McDonald Observatory’s Andrew Mann Wins Prestigious Hubble Fellowship
9 April 2015
AUSTIN — Astronomer Andrew Mann of The University of Texas at Austin has been awarded a Hubble Fellowship from NASA and the Space Telescope Science Institute, science center for the Hubble Space Telescope.
“It is an honor to receive the Hubble Fellowship, and I look forward to continuing my research at UT Austin,” Mann said.
The Hubble Fellowship Program includes all research relevant to present and future missions relating to NASA’s Cosmic Origins program. These missions currently include the Herschel Space Observatory, the Hubble Space Telescope, the James Webb Space Telescope, the Stratospheric Observatory for Infrared Astronomy, and the Spitzer Space Telescope. Seventeen Hubble Fellows were chosen this year.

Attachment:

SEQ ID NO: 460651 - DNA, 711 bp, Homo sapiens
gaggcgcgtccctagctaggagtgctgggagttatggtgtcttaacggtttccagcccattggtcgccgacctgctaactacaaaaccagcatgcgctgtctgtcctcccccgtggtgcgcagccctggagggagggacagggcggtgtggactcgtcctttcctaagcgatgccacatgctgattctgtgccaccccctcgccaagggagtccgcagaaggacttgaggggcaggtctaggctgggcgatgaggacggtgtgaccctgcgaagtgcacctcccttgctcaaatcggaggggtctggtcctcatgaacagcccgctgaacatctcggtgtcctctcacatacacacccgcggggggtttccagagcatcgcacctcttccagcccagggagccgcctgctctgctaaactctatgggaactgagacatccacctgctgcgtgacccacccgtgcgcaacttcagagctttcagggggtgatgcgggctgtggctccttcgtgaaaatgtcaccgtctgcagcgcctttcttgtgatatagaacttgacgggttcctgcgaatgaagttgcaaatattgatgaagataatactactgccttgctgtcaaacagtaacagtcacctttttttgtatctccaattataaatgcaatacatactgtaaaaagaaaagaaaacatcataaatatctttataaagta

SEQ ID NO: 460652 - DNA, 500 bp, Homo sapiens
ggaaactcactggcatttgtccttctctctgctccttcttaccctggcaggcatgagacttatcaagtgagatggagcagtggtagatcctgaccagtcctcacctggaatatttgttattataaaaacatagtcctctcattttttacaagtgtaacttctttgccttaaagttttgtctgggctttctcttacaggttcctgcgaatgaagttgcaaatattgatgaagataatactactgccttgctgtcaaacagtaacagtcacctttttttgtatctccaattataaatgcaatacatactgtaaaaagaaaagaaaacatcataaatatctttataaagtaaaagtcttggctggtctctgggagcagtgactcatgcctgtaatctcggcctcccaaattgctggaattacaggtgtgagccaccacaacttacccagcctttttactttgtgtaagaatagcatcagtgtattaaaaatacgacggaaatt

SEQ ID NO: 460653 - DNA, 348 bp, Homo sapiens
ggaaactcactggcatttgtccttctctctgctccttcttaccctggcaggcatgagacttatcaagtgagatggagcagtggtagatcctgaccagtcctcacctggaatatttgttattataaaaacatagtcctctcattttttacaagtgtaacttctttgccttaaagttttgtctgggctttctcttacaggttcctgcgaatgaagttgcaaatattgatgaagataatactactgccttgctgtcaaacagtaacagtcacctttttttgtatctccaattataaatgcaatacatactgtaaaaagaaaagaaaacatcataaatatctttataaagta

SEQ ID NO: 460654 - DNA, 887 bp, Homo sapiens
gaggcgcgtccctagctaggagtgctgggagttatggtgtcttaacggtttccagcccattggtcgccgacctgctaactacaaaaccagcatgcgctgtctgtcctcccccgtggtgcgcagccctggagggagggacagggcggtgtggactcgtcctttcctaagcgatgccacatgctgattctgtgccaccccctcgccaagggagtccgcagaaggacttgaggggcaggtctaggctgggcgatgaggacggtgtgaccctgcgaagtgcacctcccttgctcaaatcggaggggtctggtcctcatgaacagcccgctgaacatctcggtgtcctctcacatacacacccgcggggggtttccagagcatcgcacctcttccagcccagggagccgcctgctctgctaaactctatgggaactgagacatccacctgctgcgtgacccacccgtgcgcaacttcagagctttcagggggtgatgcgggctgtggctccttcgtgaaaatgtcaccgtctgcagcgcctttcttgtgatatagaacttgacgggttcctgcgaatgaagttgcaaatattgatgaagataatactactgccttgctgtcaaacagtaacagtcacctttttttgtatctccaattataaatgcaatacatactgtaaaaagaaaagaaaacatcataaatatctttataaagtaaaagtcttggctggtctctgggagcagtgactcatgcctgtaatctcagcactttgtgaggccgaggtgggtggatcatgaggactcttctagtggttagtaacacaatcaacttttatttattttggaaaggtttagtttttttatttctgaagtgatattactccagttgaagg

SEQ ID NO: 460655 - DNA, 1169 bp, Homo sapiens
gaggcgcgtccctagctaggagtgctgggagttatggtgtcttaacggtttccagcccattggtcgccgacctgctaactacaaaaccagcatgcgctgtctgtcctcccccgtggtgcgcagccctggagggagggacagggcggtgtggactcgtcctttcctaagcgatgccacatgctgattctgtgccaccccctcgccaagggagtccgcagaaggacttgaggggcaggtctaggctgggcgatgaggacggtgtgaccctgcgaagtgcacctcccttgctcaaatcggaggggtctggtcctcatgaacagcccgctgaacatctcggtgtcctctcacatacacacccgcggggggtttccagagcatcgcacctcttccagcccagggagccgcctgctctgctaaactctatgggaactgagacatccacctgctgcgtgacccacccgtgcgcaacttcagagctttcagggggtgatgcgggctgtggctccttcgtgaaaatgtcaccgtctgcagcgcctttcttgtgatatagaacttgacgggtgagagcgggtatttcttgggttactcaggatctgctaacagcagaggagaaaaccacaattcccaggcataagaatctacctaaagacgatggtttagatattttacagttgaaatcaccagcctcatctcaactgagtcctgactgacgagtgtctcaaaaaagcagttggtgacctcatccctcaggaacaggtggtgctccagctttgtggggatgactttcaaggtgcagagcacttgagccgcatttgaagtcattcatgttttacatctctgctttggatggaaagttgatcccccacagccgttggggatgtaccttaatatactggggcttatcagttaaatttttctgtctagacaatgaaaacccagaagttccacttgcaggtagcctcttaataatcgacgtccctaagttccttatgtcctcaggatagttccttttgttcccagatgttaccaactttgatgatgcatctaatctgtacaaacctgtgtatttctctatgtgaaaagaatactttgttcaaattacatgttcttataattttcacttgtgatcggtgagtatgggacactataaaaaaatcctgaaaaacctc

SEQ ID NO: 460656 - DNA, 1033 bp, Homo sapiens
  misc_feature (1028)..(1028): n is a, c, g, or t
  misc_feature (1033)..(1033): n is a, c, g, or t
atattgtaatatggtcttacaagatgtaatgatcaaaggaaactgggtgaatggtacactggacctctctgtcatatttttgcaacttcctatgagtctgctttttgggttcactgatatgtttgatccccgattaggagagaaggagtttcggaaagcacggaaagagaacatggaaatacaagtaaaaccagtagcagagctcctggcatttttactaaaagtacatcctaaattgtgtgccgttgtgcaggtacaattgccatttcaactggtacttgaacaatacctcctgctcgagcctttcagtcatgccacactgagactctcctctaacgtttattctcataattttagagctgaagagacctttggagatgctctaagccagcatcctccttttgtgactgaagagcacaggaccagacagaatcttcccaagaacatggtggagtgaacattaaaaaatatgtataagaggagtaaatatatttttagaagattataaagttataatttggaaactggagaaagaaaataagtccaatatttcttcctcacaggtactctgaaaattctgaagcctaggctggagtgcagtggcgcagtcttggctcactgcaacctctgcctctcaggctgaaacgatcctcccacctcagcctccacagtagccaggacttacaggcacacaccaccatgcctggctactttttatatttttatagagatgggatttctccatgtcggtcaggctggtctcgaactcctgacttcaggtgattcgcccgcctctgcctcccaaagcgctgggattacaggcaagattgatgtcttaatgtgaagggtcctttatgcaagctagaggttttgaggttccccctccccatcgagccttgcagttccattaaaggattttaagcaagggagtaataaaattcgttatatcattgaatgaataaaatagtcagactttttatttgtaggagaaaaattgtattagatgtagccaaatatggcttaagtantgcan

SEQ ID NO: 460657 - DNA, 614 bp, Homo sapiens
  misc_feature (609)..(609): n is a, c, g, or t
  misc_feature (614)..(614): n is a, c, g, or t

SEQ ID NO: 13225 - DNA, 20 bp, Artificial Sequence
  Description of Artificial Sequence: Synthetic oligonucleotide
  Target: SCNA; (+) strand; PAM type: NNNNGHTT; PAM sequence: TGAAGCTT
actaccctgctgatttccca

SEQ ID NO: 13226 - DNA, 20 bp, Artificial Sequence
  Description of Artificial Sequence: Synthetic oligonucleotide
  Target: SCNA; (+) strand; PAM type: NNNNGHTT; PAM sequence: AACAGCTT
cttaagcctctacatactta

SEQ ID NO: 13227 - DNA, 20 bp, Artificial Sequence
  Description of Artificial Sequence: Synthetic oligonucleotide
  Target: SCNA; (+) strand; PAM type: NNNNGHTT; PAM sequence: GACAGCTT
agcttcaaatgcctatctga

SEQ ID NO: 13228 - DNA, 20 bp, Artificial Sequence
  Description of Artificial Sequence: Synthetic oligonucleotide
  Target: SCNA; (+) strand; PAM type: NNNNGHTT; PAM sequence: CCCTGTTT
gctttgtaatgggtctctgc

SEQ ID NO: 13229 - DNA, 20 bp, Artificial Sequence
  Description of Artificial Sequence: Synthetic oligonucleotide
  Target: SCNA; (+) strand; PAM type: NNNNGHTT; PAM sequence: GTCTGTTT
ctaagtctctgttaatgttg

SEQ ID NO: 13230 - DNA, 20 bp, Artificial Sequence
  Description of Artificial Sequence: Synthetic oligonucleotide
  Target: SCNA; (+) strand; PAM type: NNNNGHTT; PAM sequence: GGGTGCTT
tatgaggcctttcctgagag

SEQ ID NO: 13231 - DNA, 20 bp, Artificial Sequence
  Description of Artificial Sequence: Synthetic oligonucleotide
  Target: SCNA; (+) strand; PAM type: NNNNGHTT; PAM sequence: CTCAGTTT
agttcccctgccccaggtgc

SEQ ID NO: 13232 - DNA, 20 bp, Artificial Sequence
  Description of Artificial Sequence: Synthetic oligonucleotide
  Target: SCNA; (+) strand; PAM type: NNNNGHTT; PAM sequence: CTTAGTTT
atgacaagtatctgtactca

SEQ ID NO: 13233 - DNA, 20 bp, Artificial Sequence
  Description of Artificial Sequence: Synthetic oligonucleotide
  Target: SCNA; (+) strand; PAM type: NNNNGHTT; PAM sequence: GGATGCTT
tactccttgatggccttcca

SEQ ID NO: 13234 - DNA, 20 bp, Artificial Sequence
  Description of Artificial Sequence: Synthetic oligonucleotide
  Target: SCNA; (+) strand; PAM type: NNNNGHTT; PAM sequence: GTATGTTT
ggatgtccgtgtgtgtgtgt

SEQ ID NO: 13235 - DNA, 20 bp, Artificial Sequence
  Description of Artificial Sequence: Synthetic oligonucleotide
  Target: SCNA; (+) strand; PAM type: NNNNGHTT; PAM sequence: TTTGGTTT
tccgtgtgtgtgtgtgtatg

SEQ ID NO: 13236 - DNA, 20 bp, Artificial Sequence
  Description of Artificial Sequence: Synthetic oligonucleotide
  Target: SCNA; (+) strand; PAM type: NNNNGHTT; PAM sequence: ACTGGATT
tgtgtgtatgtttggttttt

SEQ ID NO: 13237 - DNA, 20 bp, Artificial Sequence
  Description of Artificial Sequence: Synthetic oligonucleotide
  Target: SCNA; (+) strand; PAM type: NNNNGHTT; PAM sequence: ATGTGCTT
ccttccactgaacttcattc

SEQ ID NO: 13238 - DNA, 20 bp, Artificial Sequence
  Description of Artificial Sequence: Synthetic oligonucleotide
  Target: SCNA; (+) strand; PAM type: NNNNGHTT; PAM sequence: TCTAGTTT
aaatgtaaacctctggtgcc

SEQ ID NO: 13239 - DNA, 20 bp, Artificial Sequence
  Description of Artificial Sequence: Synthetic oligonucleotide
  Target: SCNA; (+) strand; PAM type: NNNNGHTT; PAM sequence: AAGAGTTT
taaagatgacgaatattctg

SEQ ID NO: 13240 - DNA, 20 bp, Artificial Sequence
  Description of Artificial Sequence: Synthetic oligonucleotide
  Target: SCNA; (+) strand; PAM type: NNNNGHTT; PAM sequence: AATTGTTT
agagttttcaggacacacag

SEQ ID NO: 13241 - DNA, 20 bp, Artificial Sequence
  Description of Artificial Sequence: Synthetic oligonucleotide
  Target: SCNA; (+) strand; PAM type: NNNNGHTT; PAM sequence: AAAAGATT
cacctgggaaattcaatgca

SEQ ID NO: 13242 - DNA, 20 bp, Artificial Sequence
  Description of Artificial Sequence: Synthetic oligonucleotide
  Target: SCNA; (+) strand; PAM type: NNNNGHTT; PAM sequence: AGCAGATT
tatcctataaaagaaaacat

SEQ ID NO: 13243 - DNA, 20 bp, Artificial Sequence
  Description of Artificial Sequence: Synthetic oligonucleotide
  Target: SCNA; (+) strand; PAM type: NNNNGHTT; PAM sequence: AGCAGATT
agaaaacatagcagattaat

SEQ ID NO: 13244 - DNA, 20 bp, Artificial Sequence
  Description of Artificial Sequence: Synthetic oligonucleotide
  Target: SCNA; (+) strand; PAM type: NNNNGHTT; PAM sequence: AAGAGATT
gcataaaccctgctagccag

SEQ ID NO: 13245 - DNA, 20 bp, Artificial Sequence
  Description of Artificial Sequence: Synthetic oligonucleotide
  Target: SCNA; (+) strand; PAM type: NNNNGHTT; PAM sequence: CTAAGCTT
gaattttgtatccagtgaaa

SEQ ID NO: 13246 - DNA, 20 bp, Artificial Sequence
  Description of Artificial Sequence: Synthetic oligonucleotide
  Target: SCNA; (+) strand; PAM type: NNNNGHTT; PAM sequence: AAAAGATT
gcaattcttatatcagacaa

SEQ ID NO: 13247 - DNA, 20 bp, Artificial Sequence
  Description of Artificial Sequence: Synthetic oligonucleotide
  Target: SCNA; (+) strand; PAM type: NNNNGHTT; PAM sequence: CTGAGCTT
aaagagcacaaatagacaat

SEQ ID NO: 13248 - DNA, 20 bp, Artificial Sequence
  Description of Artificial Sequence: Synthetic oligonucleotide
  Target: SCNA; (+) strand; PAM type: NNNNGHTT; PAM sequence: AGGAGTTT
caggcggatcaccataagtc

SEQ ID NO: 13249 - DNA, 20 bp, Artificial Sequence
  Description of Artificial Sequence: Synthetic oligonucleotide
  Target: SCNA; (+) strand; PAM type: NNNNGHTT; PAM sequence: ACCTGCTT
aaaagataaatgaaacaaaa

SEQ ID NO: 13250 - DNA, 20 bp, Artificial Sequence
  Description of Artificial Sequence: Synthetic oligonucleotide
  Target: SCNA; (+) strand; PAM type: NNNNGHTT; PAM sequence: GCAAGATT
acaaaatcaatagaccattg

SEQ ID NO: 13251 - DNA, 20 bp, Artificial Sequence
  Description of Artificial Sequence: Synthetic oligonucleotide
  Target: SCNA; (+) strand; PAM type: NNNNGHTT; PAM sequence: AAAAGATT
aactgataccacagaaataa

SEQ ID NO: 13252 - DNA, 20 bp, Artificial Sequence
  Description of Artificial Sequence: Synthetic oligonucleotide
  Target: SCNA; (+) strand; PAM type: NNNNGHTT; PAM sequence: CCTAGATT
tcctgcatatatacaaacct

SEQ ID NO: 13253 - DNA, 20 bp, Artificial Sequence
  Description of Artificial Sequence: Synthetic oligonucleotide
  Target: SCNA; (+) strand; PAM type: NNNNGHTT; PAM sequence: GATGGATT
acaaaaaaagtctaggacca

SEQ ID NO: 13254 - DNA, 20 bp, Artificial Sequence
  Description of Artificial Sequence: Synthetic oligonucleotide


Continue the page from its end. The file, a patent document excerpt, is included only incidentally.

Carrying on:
Mann studies planets outside our solar system, including both their demographics (how often they occur and around what types of stars) and their fundamental properties like size, chemical content, and more. He plans to use his fellowship to continue this work at McDonald Observatory.
“I'm particularly excited to continue working with the IGRINS instrument on the Harlan J. Smith Telescope to better characterize red dwarf stars, especially those with detected planets,” Mann said.
“I congratulate Andrew Mann on winning one of the most competitive fellowships in astronomy to continue his work at McDonald," said Taft Armandroff, the observatory’s director.
Mann received his PhD in 2013 from the University of Hawaii, and for the past two years has held the Harlan J. Smith Post-doctoral Fellowship at McDonald Observatory.